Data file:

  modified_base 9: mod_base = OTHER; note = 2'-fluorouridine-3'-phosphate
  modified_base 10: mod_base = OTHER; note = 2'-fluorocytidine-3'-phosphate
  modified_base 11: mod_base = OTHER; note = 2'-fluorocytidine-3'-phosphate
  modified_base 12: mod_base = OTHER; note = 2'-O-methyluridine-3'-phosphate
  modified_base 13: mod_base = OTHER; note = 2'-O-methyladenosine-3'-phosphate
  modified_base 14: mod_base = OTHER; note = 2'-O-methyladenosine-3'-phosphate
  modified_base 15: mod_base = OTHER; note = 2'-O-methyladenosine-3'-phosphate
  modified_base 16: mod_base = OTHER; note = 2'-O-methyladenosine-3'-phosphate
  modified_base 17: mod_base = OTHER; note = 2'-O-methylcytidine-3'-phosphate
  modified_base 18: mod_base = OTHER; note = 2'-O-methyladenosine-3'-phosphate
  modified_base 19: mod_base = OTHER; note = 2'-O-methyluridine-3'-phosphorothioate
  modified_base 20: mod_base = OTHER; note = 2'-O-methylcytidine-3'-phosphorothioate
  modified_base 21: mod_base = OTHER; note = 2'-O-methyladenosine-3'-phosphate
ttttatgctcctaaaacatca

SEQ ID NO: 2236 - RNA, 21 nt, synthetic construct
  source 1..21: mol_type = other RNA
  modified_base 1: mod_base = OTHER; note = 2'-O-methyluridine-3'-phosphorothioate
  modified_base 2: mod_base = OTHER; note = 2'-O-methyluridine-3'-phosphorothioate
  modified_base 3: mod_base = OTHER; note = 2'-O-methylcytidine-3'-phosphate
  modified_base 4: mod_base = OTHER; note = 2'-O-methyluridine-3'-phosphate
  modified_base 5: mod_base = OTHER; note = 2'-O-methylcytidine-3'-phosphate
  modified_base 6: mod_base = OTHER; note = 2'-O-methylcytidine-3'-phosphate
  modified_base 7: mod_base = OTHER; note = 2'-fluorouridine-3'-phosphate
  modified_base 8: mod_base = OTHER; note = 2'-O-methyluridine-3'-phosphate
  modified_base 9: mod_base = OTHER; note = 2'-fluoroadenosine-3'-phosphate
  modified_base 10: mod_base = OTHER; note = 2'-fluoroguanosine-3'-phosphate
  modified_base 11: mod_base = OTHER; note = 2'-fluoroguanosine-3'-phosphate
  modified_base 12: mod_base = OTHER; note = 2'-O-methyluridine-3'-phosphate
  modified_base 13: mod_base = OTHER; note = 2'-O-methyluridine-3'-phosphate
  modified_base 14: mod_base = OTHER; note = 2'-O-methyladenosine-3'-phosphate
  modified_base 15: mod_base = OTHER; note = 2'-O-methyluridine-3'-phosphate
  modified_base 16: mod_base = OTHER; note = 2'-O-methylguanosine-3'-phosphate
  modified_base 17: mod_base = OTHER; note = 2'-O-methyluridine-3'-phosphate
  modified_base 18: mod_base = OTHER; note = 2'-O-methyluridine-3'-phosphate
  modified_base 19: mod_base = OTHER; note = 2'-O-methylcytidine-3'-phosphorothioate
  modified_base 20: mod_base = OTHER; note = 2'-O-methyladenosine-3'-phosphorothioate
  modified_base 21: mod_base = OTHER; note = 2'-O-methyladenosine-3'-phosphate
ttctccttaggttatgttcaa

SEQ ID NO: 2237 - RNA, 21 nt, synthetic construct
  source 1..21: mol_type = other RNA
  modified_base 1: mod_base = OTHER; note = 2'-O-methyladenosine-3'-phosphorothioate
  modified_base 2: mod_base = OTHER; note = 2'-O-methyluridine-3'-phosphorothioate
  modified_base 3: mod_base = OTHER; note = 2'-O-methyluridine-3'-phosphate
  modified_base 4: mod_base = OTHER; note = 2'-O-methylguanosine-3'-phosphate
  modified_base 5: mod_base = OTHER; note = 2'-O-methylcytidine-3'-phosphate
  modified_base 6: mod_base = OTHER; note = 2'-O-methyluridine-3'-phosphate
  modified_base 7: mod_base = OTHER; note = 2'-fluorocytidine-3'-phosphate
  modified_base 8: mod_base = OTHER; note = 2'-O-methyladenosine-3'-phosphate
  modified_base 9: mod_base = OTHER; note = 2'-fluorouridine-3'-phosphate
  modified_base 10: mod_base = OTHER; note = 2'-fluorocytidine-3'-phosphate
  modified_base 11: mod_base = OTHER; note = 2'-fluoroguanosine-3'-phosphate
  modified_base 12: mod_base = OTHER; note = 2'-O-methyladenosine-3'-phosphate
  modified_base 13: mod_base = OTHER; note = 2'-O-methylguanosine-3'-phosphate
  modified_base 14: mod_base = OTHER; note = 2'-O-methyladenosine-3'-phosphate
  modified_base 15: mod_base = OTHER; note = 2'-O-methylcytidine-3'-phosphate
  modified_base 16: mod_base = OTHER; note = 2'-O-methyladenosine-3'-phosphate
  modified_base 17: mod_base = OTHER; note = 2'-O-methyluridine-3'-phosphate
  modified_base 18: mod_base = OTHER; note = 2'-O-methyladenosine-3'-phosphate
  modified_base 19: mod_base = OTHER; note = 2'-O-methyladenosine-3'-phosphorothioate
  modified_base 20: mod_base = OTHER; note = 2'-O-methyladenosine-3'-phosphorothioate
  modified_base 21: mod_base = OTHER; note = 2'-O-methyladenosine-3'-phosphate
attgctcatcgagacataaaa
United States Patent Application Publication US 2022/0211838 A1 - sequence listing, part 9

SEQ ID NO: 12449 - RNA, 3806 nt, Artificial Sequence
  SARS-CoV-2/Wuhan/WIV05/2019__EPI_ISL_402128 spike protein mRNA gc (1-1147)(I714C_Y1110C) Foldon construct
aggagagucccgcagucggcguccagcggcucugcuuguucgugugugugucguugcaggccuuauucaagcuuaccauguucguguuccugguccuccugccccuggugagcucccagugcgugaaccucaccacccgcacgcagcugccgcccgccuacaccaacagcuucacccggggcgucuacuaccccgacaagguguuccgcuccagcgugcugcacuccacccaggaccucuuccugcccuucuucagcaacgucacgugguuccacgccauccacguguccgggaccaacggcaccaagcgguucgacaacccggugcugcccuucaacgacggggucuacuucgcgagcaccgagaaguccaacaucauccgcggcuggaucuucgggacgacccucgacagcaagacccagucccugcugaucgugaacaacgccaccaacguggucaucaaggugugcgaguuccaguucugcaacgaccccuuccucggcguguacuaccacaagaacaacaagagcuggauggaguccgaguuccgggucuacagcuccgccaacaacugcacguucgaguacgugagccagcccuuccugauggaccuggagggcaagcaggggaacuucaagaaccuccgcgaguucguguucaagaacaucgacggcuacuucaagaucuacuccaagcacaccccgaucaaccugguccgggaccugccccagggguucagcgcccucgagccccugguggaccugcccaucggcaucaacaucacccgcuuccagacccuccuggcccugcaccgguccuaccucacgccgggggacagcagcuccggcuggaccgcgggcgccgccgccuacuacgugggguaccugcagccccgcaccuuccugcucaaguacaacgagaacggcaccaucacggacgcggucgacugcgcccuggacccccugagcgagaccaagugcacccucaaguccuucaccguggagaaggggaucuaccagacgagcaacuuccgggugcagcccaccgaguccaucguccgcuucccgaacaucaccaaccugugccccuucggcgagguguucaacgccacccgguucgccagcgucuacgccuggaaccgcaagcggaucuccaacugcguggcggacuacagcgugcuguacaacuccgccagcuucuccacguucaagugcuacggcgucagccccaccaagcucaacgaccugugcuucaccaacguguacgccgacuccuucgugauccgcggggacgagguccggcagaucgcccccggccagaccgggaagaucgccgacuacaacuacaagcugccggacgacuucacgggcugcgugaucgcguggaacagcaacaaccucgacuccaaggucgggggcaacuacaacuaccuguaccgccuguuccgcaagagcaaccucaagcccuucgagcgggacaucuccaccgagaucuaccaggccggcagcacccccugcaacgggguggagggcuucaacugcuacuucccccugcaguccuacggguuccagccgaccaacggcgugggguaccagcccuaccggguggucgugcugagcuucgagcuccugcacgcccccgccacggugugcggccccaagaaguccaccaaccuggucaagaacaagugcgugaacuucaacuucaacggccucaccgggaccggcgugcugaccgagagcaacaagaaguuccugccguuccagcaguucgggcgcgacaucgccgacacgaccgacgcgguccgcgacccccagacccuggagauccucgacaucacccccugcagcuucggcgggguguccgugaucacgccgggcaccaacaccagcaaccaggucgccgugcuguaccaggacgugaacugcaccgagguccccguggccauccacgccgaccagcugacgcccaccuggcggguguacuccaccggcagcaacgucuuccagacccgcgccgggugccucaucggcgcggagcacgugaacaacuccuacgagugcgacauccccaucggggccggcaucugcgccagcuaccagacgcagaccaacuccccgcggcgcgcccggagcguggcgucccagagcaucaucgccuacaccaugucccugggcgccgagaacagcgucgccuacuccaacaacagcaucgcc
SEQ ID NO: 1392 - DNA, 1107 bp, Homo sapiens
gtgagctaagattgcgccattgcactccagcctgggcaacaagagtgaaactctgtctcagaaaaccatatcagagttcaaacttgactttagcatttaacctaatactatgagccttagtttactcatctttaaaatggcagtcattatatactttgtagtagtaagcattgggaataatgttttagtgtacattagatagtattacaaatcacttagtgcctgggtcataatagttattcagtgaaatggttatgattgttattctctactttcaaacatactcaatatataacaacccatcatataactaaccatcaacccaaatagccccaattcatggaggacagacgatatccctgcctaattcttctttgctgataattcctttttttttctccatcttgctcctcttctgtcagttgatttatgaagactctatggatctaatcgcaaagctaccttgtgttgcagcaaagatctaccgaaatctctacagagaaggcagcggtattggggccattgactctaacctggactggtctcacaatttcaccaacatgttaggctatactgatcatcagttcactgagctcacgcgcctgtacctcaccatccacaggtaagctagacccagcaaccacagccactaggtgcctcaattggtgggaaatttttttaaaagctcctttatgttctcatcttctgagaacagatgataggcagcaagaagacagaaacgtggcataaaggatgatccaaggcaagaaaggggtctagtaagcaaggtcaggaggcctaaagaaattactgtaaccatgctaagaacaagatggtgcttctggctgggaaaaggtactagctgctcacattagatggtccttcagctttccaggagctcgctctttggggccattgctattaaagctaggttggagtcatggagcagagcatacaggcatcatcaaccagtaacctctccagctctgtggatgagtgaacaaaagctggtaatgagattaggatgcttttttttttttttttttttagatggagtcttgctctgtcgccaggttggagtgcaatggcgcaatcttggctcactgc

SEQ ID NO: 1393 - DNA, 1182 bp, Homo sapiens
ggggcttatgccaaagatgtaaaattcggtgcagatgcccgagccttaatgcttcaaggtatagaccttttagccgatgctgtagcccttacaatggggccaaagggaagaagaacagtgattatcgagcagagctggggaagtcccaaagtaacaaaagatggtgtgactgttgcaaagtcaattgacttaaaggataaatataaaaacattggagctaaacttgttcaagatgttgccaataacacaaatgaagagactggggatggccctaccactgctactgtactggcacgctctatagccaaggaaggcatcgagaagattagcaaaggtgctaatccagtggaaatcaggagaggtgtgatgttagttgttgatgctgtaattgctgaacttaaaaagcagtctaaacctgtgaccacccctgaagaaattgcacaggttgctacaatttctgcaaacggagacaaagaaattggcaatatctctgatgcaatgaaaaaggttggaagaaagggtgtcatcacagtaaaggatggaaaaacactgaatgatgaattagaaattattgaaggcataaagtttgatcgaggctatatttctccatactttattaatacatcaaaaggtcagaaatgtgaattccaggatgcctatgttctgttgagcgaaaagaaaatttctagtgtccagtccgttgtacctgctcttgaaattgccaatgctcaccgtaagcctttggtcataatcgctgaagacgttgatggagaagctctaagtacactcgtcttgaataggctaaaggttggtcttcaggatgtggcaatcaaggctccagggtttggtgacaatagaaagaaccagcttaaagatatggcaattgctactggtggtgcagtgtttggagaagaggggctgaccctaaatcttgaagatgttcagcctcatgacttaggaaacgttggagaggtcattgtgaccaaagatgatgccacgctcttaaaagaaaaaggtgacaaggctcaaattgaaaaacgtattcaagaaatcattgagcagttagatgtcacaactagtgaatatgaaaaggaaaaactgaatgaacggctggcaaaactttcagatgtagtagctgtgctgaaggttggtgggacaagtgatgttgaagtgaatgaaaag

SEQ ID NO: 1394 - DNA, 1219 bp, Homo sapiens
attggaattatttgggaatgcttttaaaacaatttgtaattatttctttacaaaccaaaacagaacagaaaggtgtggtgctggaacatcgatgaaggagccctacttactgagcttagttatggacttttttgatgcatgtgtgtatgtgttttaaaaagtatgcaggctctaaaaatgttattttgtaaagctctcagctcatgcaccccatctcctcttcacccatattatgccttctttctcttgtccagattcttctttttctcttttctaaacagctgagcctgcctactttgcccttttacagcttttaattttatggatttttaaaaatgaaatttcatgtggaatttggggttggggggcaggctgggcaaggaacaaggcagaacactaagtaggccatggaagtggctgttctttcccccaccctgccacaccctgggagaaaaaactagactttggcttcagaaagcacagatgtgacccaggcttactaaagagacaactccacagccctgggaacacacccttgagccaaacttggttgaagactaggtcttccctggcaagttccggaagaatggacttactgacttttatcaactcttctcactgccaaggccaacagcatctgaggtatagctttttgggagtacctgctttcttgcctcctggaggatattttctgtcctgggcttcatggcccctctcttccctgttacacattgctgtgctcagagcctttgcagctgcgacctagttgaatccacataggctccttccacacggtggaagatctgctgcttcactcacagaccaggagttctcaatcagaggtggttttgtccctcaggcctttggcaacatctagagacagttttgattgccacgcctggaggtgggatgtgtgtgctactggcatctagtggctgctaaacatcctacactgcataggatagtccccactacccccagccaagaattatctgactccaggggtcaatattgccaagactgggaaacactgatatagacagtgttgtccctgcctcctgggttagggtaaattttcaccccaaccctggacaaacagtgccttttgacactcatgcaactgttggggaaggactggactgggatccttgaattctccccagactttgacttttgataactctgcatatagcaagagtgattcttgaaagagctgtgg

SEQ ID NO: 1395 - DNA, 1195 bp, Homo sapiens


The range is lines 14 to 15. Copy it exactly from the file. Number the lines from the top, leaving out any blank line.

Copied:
ttttatgctcctaaaacatca

SEQ ID NO: 2236 - RNA, 21 nt, synthetic construct